OEUK news

Maersk Oil – A new approach to well interventions: Cost effective and quick way to unplug subsea sand screens

30 June 2017

Problem Statement

The production from a subsea well went into severe decline and it was thought that the well’s sand screens needed to be urgently cleaned. The standard solution would have been to use a semi-submersible drilling rig with coiled tubing, but this is both expensive and slow. So, a new solution had to be explored and developed.


Find a cheaper and faster alternative to using a semi-submersible drilling rig to clean a subsea well’s sand screens and improve the well’s production.


Formic acid was chosen to clean the screens.

To get the fluid down to the formation (a depth of 9,300 ft) it was decided to use a coil hose deployed from a light well intervention vessel (LWIV).

A LWIV is a smaller, more manoeuvrable mono-hulled ship. It’s often used for subsea well interventions but using wireline (electric cable) or slick line (thin wire).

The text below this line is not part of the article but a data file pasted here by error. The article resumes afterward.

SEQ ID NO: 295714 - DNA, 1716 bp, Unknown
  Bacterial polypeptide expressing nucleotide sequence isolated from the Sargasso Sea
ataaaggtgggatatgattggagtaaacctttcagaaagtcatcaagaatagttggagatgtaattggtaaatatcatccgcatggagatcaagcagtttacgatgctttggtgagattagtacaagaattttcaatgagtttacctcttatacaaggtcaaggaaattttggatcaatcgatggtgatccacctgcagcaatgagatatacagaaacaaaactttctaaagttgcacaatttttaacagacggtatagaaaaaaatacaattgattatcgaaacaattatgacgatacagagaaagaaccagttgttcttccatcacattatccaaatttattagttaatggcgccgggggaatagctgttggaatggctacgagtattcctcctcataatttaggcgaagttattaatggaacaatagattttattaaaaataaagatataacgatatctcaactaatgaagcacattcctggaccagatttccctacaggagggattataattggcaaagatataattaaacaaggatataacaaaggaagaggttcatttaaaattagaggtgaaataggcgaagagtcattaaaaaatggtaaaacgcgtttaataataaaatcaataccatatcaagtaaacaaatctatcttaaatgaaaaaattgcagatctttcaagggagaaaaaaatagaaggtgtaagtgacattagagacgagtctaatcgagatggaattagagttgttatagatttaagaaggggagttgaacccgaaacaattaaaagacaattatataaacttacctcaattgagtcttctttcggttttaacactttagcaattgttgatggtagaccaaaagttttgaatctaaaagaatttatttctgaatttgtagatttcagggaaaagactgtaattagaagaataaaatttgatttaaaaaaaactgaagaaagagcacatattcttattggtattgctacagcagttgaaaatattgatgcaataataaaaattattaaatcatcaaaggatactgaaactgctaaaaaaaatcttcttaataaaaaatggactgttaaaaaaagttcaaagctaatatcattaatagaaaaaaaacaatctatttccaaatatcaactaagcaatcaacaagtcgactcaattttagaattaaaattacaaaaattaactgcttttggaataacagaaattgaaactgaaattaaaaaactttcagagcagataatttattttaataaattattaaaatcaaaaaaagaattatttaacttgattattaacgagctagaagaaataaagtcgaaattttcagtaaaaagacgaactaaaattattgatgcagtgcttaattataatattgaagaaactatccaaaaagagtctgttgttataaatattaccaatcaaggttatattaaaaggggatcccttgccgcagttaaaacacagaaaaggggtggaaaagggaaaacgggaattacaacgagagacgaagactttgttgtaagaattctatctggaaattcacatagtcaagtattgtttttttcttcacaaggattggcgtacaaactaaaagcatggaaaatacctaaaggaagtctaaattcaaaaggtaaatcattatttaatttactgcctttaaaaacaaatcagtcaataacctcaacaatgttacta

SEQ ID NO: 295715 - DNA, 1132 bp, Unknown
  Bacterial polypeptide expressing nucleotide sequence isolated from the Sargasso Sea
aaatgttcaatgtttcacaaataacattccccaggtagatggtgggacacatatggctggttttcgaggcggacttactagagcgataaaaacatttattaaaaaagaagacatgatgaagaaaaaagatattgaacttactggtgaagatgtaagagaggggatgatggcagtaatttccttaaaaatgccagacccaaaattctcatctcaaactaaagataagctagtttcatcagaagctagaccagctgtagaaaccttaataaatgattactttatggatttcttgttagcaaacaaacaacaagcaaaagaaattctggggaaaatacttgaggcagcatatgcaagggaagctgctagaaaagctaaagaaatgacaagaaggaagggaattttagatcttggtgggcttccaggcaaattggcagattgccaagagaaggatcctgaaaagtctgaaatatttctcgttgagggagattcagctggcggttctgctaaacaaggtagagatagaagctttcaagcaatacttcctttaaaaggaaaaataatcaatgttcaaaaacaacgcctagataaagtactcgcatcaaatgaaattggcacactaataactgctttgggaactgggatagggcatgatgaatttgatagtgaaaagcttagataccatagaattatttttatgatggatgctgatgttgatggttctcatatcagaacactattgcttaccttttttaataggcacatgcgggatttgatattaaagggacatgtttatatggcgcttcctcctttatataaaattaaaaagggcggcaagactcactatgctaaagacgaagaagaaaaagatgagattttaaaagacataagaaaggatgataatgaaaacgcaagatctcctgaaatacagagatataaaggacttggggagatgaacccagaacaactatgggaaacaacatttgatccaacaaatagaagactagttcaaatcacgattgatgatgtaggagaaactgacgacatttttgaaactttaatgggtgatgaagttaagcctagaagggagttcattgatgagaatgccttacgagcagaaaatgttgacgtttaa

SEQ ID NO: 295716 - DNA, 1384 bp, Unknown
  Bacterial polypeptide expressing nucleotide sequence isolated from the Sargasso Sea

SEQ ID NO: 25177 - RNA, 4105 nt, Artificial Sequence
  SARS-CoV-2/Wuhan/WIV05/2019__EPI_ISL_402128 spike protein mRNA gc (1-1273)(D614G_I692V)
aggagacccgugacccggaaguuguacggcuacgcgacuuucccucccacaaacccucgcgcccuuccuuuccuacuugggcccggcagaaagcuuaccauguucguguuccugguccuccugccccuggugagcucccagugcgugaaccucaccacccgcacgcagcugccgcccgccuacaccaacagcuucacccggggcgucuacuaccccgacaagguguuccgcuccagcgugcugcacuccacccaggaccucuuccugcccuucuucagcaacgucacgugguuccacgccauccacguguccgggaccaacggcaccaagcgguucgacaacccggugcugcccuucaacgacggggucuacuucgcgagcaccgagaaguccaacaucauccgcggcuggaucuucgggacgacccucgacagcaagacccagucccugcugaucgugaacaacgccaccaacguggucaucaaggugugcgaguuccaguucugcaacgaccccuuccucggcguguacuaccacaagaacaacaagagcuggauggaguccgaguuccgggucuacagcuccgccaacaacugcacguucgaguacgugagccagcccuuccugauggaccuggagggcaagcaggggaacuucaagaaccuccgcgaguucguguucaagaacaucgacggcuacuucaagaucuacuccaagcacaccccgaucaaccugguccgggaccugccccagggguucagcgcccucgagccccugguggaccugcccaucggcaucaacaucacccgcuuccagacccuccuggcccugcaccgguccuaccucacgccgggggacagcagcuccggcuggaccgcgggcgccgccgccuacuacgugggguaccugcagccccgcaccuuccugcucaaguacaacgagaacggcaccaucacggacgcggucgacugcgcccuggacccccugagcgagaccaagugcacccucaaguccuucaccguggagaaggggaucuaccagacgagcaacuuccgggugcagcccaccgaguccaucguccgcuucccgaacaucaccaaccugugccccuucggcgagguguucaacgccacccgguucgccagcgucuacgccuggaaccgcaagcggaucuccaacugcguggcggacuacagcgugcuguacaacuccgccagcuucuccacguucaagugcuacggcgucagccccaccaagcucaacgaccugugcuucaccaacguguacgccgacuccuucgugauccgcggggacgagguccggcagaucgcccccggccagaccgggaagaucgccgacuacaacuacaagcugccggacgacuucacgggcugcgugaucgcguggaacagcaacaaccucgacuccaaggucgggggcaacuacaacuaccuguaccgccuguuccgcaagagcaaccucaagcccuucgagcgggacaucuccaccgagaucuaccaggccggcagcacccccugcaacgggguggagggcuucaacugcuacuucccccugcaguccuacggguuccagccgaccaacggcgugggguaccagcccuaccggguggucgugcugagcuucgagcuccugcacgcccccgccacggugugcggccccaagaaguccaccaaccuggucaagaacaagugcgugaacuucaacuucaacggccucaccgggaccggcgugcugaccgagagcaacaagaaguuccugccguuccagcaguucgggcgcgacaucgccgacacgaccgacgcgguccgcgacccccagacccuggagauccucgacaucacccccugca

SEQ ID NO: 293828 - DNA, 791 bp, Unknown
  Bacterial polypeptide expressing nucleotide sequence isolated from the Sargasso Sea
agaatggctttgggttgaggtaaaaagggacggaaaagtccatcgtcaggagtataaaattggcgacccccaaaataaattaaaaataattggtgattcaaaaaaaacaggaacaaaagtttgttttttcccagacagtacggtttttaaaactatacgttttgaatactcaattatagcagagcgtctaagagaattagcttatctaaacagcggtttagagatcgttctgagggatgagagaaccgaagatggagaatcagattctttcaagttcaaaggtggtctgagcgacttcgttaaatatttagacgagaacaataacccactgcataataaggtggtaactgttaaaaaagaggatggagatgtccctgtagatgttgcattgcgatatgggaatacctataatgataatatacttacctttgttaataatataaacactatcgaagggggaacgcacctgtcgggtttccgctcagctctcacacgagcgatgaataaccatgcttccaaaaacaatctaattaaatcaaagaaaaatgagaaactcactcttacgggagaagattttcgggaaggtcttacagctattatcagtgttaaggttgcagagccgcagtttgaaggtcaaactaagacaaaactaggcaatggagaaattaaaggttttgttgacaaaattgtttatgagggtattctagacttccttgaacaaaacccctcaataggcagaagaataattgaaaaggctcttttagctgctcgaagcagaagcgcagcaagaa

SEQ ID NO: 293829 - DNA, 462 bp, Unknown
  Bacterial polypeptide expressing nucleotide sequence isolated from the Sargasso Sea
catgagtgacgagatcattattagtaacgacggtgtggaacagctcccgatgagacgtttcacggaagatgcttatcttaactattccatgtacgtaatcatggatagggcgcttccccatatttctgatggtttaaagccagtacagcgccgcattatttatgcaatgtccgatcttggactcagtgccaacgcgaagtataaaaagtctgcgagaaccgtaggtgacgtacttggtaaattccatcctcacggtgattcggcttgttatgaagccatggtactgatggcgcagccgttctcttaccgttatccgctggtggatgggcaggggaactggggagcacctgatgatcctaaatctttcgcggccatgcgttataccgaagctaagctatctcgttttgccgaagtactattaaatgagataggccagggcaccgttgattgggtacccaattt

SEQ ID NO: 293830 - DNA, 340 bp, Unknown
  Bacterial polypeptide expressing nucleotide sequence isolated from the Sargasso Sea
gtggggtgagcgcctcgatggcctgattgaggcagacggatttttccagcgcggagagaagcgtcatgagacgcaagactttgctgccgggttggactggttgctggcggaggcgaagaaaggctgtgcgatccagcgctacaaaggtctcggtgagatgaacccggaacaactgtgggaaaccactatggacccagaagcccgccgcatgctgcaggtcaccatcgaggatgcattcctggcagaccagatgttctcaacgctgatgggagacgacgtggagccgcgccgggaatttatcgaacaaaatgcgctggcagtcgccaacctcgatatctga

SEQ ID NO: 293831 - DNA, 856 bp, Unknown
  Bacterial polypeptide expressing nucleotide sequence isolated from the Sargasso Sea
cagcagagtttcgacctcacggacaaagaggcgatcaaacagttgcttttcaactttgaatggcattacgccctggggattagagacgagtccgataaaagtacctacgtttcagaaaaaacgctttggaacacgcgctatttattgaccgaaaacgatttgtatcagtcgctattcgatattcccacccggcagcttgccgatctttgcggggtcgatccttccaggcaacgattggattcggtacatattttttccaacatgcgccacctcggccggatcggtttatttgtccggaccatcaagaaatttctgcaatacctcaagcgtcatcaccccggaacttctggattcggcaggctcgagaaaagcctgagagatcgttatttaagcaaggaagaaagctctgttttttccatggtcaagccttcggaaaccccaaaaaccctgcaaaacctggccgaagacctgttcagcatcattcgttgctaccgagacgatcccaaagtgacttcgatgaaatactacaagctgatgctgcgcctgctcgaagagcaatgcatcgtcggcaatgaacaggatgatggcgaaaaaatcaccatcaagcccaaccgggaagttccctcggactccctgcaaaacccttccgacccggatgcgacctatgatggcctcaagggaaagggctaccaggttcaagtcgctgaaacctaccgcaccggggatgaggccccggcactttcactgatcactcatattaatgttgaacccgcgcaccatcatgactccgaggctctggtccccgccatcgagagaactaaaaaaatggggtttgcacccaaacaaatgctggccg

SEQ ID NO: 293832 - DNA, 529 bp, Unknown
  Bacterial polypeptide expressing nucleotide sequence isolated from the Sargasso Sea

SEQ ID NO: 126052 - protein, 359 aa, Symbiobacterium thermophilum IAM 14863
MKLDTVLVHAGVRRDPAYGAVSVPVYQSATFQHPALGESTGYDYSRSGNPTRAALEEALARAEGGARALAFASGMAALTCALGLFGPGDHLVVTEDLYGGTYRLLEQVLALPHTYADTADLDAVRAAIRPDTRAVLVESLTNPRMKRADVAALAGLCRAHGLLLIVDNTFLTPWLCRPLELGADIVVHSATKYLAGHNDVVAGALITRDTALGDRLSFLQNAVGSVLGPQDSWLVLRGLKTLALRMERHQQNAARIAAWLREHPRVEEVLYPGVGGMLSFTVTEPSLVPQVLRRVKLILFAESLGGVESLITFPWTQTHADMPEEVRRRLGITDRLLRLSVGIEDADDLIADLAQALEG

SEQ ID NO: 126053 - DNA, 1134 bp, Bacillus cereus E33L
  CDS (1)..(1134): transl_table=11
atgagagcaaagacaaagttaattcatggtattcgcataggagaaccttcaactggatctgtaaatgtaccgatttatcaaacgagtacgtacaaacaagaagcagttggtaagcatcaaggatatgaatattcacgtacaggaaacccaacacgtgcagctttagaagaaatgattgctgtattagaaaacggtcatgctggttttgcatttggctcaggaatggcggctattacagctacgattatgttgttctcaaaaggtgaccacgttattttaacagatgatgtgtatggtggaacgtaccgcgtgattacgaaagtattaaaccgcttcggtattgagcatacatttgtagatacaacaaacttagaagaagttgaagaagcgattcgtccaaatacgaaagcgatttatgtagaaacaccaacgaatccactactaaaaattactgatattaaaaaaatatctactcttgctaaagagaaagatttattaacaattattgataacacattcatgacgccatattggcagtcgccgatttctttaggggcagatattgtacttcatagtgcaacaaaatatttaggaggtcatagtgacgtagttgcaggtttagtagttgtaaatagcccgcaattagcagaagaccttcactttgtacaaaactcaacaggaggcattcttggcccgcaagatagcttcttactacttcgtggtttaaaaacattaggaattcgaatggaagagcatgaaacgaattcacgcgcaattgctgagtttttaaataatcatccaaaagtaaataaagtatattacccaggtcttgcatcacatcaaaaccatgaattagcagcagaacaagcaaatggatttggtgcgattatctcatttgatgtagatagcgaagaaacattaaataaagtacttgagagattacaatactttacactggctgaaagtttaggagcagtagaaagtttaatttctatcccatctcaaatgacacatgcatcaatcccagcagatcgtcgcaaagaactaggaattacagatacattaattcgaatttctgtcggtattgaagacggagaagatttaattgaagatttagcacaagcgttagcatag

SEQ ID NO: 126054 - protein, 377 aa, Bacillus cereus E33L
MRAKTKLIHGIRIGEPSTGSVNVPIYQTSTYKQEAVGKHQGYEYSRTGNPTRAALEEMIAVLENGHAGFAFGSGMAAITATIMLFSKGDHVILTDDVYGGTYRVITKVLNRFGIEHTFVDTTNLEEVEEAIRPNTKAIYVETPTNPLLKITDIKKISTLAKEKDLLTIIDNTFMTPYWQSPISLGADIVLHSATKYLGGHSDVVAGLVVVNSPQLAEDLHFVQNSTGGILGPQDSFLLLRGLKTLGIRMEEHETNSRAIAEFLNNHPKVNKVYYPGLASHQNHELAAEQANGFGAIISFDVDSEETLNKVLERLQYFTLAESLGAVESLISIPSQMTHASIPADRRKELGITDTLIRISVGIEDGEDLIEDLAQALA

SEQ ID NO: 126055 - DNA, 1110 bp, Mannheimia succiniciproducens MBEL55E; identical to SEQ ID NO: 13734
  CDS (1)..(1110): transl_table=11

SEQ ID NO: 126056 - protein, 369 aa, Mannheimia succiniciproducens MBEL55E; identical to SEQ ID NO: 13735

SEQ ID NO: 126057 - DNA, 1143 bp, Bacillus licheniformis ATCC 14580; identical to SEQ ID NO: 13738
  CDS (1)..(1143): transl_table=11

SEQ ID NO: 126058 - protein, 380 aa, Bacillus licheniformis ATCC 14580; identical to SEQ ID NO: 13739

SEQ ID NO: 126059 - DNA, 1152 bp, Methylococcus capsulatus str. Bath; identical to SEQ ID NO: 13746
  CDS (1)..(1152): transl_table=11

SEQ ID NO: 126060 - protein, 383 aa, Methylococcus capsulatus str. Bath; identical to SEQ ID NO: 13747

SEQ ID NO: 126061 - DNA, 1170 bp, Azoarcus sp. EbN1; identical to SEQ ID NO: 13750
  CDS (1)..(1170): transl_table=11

Coil hose is very different from coiled tubing in that it can be rigged up using slick line equipment, still allowing pumping to take place.

10,000ft of coil hose with an outside diameter of 19mm needed to be deployed – the size of the hose meant that the pump rate would be low.

To tackle this, several new pieces of hardware had to be designed, manufactured and tested. Numerous programmes and safety reviews were also carried out.


The intervention was completed incident free and initially the well production rate doubled.

This successful result confirmed our hypothesis that the decline was due to screen plugging. This is useful learning for the future.

The intervention saw three world firsts:

  • The first time coil hose had been run from a light well intervention vessel;
  • The first time coil hose had been run into a subsea well; and
  • previously nobody had run coil hose deeper than 2,000 feet – we ran it to 9,300 feet.

Overall timing from concept creation to execution was just four months – a significant reduction compared to the alternative method of using a semi-submersible rig.

The success of this job has allowed us to look at other candidates for cost-effective well intervention to improve production.

Reduced project timeline: Total project timeline was 4 months, compared to 6-8 months needed for semi-sub intervention (inc. contract)

Total savings anticipated: Around 30% saving – compared to the alternative solution of using a semi-sub rig and coiled

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